Coated Coil
Wednesday | 04 June, 2014 | 1:46 pm

Glimmer & shine

By Corinna Petry

Above: Made by 3A Composites USA, Alucobond—in both metallic and relective finishes—clads the tasting room of a winery in British Columbia.

Reflecting its beautiful surroundings, Alucobond-clad facility celebrates taste

May 2014 - Although the initial product was developed in the 1960s, architects have come up with ever-more unique designs and applications for Alucobond. One example is the recently completed wine tasting facility at Painted Rock Estate Winery, named British Columbia’s Winery of the Year at the 2013 InterVin International Wine Awards, and winner of gold medals for its 2010 Cabernet and 2010 Syrah.

Winery owner John Skinner wanted to burnish the brand further by erecting a 1,600-square-foot tasting room on an 60-acre estate overlooking Skaha Lake in Penticton, British Columbia. It opened September 2013. As the facility overlooks the vineyards, lake and views of nearby mountains, it also provides a destination site for weddings, banquets and corporate parties.

“We wanted to build something worthy of the site. We chose a contemporary building design–but one that seems in place,” Skinner says.

The design

The winery chose Fallowfield Design + Development in Kaleden, British Columbia, which elected to wrap parts of the modern structure in both purely reflective and softly tinted Alucobond.

“Alucobond is the only product that would give us the tolerances we needed on the curves. Any intolerance in the material sticks out like a sore thumb,” Fallowfield architectural designer Dominic Unsworth says. “On that scale, we want to deal with it as a unified form rather than make do with another material. The other appeal is the range of colors deals really nicely with natural lighting conditions. The natural environment plays with the surfaces, whether metallic finishes or reflective, and (the metallic surface) goes from blues to greens to earthy tones.”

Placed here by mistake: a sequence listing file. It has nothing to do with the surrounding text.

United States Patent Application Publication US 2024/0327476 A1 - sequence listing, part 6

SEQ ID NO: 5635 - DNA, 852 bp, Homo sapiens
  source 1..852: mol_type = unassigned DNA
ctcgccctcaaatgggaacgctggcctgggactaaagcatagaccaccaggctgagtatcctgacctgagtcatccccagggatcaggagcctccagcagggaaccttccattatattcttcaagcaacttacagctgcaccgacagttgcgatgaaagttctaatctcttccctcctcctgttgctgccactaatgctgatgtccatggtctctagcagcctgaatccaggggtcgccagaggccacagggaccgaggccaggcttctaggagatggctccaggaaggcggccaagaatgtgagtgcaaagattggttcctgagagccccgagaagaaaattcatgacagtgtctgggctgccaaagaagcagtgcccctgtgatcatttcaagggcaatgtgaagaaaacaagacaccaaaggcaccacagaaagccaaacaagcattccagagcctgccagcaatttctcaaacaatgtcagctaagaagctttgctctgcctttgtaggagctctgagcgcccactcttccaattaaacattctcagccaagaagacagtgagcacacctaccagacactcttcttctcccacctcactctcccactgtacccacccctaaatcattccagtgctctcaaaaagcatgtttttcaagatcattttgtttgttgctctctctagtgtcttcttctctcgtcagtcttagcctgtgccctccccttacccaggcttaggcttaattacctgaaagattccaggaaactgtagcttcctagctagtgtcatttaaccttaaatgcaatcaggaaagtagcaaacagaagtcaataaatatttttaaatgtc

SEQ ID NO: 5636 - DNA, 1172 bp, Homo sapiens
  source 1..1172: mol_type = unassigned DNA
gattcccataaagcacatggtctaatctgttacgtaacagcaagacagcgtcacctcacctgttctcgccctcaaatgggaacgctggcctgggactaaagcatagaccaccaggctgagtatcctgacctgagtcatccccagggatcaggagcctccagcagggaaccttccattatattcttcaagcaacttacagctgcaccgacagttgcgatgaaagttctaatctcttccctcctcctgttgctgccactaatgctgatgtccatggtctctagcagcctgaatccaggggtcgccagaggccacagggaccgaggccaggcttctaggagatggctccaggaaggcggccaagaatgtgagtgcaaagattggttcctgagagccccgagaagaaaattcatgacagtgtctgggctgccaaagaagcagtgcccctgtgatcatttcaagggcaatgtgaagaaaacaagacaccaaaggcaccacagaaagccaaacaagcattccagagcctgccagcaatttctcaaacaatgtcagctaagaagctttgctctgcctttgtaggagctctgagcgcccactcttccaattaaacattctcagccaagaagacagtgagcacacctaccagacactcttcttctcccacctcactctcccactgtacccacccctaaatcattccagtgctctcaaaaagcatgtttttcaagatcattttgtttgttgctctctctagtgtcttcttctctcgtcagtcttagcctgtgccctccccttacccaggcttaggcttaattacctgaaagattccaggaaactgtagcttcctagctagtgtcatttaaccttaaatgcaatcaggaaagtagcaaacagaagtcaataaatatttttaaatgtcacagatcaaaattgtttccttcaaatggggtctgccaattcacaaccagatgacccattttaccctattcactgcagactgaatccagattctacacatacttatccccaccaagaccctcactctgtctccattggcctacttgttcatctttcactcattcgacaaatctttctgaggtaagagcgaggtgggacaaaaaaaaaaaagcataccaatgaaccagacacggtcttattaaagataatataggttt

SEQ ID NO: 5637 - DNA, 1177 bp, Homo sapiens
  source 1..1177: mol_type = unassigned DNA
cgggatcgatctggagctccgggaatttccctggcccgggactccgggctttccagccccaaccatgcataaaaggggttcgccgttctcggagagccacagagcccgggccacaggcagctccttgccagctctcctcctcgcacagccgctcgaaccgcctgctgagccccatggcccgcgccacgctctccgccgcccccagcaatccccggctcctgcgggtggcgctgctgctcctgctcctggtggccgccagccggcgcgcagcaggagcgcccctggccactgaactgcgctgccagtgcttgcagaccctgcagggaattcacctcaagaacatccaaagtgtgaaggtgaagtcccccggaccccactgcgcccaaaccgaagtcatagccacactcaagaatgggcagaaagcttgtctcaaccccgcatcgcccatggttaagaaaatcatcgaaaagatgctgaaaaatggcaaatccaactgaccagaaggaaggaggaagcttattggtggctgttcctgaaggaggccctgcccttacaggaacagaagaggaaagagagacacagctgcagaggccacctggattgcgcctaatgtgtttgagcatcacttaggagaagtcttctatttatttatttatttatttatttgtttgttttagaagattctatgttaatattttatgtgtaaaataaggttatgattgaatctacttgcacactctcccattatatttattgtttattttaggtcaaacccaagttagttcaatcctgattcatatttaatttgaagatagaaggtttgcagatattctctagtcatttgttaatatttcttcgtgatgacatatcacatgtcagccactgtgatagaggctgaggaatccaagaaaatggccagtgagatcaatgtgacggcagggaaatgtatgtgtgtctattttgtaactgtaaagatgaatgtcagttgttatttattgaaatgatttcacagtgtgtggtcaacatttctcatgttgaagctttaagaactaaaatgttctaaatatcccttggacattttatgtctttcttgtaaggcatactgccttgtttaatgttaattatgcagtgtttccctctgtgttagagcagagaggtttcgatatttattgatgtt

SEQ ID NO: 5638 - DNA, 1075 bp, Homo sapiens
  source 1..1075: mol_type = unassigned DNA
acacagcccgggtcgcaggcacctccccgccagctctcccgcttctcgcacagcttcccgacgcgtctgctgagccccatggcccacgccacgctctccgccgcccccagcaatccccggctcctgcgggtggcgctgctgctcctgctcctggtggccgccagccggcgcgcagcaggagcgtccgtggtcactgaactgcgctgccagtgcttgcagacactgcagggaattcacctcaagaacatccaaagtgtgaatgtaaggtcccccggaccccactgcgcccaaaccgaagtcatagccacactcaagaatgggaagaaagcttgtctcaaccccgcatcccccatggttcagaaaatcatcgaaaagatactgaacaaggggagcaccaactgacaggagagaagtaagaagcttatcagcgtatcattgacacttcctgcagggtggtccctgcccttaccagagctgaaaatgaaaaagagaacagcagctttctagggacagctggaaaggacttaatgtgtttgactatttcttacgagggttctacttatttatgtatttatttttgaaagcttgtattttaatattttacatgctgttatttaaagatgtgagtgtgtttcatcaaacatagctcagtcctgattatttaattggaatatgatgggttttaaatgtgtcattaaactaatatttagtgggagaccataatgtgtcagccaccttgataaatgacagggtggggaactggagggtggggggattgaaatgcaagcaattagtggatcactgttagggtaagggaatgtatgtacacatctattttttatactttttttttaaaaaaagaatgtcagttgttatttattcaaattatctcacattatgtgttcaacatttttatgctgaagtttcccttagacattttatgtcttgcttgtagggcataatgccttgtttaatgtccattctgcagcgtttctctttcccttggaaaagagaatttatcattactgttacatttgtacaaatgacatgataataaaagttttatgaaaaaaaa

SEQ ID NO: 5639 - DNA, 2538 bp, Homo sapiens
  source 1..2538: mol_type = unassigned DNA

The customer, Unsworth says, is thrilled with the result. “The structure had to be on brand: striking, complementing the surroundings and delivering a modern message.”

About 2,400 square feet of surface is clad in Alucobond. which consists of two sheets of 0.02-inch-thick aluminum thermobonded to each side of a polyethylene core. Alucobond provides flatness and rigidity, is readily formable, lightweight and weather resistant, according to the manufacturer. 

Panel construction

Ben Branham, architectural marketing manager for 3A Composites USA, which forms Alucobond at a plant in Benton, Ky., says one side of the panel is painted and finished while the other side is painted purely for the material’s protection.

“The sheet is rolled out, then sandwiched onto a plastic core. Once the plastic is hot formed, then cooled, it is a rigid, durable material, more so than just a piece of metal. It’s also a lot lighter than steel and lasts a lot longer,” says Branham.

3A Composites sends standard-size Alucobond sheets to a fabricator that then uses the architect’s drawings and CAD files to create the building panels and build the custom frames for them.

“Alucobond has been around since the late 1960s and took off in the early 1970s in North America,” says Branham. “The biggest project is Spaceship Earth at Epcot Center at Disney World. The whole skin is Alucobond. It has been used in large and small projects ever since.”

The manufacturing technology for Alucobond has improved; the finishes have improved; the system designed to hold the panels in place has improved. “We also do newer testing on the panels, to meet local building codes,” Branham says.